Info Accordions

If you are looking to change the name or visual identity of your alumni organization, we can help. The Communications staff at the YAA are available for consultation.

Also, we have an established structure for building your new logo (seen here). If you need assets to complete your new design, please reach out to us.

Yale Alumni Association group substructure

More information on approved Yale logos, colors, wordmarks, typefaces, and more is available on the Yale Identity page, maintained by the Office of the University Printer.

Promoting Your Event

Promoting your event or program is a process that begins well in advance of the event itself. In this section, we'll outline some tips for promoting your event and organizing coverage, utilizing a number of different platforms and broken up by timeline

Info Accordions

  • Start formulating a plan. How do you want your program or event publicized and covered? How do you plan to let others know about your program/event? Consider reaching out to any established Yale alumni groups in your area to see what has worked for them in promoting their events. Good questions include:
    • What has been your most successful strategy for engaging alumni?
    • Have you been able to promote your events in places other than your own mailing list and social media channels? If so, where?
    • Are you attracting a diverse array of alumni reflective of what your alumni group would like to achieve? If so, how has that been achieved?
  • Plans/Marketing Collateral
    • Create a basic who/what/where/when/why/how document so people can easily tell what your event or program is and why you’re planning it. A basic one-paragraph statement and title for your event/program are immensely helpful here as well.
    • Images and Graphics. If graphics, make sure they are sized for use across multiple platforms or can conform across platforms (i.e., Facebook has specific parameters for event postings, Instagram rewards square images, horizontal is better for Twitter).
  • Planning and Programming
    • The event topic will influence who attends. Consider the audience you are attracting with your subject matter. If you anticipate narrow appeal, consider diversifying the topic to bring in viewpoints from nontraditional sources.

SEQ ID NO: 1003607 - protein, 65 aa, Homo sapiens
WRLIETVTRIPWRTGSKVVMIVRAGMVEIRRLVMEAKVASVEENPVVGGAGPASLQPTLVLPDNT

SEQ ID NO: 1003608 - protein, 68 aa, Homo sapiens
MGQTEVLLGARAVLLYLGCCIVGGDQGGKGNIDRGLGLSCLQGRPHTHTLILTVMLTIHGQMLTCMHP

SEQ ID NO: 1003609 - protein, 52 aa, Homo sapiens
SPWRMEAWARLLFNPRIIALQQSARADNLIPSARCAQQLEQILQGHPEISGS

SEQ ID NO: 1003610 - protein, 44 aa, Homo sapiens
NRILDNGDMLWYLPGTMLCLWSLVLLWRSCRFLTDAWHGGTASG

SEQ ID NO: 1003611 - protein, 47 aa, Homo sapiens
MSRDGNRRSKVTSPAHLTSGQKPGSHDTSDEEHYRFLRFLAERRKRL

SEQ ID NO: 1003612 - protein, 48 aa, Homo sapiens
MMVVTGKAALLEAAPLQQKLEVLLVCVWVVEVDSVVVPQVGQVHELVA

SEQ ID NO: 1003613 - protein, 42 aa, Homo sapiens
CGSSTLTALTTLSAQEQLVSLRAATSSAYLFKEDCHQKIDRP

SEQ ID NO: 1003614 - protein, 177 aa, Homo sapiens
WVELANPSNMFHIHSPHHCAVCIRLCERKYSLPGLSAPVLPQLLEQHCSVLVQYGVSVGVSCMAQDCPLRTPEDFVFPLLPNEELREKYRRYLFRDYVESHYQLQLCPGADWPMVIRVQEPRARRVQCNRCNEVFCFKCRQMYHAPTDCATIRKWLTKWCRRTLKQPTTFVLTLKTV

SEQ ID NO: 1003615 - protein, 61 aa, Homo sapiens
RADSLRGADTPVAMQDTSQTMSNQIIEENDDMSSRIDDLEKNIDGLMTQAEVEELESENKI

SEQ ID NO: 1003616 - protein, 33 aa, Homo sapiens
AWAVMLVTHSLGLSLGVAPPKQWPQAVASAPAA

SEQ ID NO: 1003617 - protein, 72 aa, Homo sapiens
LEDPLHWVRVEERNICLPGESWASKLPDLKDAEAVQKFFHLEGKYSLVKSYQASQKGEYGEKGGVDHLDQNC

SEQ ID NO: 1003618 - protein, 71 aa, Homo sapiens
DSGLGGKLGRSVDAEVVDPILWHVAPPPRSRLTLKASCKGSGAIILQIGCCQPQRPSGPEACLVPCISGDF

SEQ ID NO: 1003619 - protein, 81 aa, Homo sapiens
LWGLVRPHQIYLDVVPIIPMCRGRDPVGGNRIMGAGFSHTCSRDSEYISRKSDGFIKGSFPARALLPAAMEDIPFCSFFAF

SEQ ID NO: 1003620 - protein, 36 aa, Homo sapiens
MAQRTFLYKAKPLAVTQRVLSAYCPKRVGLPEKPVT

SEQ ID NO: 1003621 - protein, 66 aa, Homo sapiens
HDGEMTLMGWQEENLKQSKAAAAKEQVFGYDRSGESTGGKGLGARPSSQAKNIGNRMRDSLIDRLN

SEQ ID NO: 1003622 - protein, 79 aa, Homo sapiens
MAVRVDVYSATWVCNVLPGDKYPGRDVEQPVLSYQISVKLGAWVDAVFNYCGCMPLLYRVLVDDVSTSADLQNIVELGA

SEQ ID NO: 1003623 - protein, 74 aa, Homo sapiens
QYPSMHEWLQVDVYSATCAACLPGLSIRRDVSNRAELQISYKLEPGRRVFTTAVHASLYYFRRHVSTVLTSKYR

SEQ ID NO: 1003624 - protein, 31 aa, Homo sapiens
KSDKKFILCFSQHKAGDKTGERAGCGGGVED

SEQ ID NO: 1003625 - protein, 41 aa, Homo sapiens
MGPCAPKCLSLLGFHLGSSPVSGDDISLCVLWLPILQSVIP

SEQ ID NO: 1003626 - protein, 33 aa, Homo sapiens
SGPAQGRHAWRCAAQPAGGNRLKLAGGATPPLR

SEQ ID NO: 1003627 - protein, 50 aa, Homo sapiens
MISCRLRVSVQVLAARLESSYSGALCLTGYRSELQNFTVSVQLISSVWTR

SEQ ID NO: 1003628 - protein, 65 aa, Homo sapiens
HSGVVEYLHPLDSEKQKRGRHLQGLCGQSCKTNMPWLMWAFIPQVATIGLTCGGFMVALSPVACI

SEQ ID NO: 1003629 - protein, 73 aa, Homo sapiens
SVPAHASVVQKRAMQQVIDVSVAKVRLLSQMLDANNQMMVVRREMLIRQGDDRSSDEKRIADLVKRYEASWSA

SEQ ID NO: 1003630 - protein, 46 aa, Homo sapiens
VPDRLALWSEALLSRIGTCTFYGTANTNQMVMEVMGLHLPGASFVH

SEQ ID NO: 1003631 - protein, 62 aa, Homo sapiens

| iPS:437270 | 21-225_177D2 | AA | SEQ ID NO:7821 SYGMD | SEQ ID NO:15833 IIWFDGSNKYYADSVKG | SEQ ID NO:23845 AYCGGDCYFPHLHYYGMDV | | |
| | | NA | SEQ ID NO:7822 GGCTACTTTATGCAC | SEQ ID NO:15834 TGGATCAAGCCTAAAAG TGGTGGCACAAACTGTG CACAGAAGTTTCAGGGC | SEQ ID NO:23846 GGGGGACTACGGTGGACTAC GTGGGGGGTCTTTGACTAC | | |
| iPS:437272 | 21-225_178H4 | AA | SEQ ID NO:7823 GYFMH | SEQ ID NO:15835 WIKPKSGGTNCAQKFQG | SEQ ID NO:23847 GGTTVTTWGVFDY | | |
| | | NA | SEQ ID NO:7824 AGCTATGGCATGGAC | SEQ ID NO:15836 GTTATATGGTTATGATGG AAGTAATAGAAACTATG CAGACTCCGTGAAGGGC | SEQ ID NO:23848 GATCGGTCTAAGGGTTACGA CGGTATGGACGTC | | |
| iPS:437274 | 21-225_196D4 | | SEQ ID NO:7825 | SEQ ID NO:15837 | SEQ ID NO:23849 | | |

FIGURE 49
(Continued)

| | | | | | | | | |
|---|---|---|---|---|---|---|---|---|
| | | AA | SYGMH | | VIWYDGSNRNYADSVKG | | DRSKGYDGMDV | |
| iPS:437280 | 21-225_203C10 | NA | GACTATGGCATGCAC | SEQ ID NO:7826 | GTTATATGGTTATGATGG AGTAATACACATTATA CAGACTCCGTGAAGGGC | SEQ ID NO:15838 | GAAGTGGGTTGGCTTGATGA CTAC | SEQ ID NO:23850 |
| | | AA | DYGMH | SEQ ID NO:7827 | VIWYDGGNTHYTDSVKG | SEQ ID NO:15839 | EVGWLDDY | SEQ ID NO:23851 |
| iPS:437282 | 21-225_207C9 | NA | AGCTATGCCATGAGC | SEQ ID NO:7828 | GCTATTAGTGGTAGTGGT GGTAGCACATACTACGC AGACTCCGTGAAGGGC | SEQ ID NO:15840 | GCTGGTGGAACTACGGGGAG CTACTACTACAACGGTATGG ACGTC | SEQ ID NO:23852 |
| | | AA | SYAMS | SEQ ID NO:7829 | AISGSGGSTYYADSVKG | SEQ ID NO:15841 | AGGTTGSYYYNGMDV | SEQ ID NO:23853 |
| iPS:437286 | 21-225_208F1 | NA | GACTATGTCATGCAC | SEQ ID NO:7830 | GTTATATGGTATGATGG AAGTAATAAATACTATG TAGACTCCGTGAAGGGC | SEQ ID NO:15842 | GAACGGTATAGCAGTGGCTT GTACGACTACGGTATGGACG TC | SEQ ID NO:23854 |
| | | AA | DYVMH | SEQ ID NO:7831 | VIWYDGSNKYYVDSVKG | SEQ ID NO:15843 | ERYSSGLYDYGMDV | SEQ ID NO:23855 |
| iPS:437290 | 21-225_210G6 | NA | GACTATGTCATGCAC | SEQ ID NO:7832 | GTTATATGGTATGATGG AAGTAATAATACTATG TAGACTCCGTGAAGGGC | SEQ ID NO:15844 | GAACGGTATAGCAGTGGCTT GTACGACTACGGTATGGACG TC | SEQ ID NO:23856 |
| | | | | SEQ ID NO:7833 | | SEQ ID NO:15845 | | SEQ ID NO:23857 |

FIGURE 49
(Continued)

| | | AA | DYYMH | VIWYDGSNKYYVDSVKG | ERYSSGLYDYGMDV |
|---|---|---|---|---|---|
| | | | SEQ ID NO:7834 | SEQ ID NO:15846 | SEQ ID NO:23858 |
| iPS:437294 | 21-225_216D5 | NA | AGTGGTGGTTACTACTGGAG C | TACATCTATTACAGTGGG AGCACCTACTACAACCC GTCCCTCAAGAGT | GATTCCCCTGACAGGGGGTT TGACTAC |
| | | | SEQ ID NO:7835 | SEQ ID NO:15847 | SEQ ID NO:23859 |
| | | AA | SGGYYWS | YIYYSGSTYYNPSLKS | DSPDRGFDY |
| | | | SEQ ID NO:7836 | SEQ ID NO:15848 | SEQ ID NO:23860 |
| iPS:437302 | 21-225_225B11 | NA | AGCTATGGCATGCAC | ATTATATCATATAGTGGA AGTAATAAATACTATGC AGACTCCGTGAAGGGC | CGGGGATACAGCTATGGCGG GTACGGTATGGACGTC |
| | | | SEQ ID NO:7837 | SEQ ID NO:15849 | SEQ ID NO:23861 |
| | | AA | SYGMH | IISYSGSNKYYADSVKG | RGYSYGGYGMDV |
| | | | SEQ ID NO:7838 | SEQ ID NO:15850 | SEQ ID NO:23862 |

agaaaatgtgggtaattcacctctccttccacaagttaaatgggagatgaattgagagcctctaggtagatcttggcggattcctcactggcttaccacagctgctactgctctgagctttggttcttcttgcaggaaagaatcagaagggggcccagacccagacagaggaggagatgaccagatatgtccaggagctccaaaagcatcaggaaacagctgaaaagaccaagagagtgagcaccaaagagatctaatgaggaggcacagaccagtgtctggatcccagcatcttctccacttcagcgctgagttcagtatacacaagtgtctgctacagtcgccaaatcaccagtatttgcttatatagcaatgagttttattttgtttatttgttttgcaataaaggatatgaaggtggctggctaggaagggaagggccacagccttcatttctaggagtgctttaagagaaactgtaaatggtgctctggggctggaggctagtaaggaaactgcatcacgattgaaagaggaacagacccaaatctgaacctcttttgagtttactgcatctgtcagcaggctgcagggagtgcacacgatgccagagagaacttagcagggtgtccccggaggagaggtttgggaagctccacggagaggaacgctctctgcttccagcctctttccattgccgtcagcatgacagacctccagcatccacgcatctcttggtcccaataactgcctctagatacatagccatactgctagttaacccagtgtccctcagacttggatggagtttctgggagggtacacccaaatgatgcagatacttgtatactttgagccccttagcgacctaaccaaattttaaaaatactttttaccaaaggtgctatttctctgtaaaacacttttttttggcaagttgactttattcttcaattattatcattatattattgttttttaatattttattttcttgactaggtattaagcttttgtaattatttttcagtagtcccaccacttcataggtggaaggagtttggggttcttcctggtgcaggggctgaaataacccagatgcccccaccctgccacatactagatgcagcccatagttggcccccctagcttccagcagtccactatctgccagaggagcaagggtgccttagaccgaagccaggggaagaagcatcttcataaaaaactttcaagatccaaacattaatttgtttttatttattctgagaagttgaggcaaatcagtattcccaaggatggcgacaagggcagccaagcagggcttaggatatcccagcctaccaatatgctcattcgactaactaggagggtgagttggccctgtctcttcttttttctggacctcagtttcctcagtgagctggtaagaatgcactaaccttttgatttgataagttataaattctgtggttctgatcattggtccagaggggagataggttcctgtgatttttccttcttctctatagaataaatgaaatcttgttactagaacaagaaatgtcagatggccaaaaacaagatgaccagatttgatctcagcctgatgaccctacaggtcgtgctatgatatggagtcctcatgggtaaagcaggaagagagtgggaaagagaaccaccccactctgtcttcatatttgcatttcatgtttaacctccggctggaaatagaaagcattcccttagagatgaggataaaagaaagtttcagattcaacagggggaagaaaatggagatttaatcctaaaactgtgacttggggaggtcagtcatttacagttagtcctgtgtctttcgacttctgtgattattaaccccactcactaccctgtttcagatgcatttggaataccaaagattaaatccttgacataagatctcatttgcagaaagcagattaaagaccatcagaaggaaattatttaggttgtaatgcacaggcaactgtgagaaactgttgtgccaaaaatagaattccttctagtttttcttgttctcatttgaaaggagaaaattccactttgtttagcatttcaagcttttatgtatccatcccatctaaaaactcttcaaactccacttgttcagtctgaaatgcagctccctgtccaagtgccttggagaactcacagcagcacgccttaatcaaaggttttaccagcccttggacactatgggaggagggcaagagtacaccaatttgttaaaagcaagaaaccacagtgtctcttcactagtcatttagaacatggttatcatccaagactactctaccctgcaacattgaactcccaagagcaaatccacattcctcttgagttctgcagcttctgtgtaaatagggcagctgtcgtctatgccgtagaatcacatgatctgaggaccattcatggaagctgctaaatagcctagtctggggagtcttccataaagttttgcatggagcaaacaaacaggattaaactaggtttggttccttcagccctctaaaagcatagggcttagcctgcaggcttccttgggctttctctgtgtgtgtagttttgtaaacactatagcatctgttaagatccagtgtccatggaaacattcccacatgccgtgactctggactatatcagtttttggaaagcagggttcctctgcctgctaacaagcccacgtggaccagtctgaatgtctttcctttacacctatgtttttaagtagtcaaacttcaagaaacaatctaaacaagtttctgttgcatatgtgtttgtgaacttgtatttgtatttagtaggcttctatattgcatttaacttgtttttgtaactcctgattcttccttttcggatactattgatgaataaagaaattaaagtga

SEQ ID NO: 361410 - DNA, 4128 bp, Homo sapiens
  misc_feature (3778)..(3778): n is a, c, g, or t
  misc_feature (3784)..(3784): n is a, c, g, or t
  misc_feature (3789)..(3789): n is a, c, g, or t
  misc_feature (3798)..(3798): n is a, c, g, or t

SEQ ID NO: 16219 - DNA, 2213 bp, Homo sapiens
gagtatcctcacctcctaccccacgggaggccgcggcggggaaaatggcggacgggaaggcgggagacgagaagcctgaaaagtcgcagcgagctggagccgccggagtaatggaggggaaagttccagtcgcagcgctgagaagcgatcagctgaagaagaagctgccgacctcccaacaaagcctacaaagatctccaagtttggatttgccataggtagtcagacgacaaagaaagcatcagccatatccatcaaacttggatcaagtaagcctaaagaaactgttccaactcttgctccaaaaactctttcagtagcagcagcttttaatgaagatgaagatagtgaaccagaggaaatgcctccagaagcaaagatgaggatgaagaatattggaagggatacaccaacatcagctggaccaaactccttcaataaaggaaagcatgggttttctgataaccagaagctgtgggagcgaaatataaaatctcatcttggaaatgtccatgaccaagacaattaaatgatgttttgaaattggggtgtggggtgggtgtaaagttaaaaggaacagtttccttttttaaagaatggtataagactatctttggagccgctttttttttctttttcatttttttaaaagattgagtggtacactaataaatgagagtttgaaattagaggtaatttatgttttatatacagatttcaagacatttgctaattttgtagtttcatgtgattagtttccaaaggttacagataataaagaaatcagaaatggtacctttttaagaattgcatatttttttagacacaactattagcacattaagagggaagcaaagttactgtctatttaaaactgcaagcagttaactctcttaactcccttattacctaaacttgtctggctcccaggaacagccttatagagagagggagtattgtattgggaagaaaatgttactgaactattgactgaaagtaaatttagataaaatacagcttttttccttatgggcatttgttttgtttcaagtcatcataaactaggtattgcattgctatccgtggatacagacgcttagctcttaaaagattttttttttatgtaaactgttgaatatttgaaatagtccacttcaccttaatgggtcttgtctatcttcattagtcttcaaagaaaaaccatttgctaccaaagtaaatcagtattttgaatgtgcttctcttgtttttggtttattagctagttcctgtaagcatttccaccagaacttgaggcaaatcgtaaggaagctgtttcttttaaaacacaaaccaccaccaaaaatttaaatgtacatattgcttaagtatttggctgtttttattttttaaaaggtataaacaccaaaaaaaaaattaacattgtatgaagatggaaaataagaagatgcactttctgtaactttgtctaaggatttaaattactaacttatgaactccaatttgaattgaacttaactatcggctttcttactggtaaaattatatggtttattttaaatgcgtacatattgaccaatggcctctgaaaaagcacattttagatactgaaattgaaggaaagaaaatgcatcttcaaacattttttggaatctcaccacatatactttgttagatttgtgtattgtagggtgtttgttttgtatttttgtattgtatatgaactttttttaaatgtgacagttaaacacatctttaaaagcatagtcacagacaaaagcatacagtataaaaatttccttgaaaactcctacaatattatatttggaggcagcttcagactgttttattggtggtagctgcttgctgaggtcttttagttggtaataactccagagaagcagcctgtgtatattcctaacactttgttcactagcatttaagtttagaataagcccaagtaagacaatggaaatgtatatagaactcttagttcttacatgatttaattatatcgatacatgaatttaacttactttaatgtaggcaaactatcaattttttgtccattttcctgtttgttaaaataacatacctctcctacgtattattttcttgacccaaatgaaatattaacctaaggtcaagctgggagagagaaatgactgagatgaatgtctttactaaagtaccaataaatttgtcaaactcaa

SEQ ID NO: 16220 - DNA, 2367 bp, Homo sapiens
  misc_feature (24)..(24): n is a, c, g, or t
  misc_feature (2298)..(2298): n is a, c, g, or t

• Select a diverse group of alumni to create, execute, and follow up on events.
    • Consider having different types of events to appeal to different segments.
    • Vary price points, times of day, days of week, etc., to avoid excluding certain segments. And keep in mind, recent graduates appreciate free or low-cost events in the evenings or on weekends.

  • Execute your plan. While you want to give people at least a month’s notice in terms of publicizing your program or event, it is also good to follow up with them as it gets close to your program/event to make sure your program/event is on their radar. Don’t be afraid to resend the collateral pieces you had sent earlier; people do lose track of things, delete or file emails, etc.
  • Communications Vehicles
    • Web
      • Remember to work with your webmaster or vendor to ensure that your website is fully accessible.
    • Social media
      • Create a social media calendar with scheduled posts for (as applicable) Facebook, Twitter, and Instagram. Vary your posts and remember: not all Facebook or Instagram posts will show in the feeds of your constituencies, and it's OK to post frequently on Twitter.
      • Consider adding your event to the events calendar on Facebook. It's a great tool to gauge the level of engagement in your event.
      • Recruit ambassadors who can help spread the word about your program or event, and provide them with the tools they need to spread the word.
      • Consider a hashtag for your program and event that you can promote in advance and during.
    • Email
      • Email is an effective tool to reach out directly to your alumni.
      • Make the subject line informative and engaging. Put as much logistical information in the subject line as possible while it keeping it as short as possible.
      • Keep the message in the body copy short and to the point. People don't spend much time reading emails; they want to know the details and will engage with you further if they are interested. Good tip: use hyperlinks for related content and registration.
      • Be careful to not inundate your alumni with messages. The best plan is to send a few emails at different times: perhaps a save the date well in advance, a reminder when you're a week out, and perhaps another the day before or on the day of the event.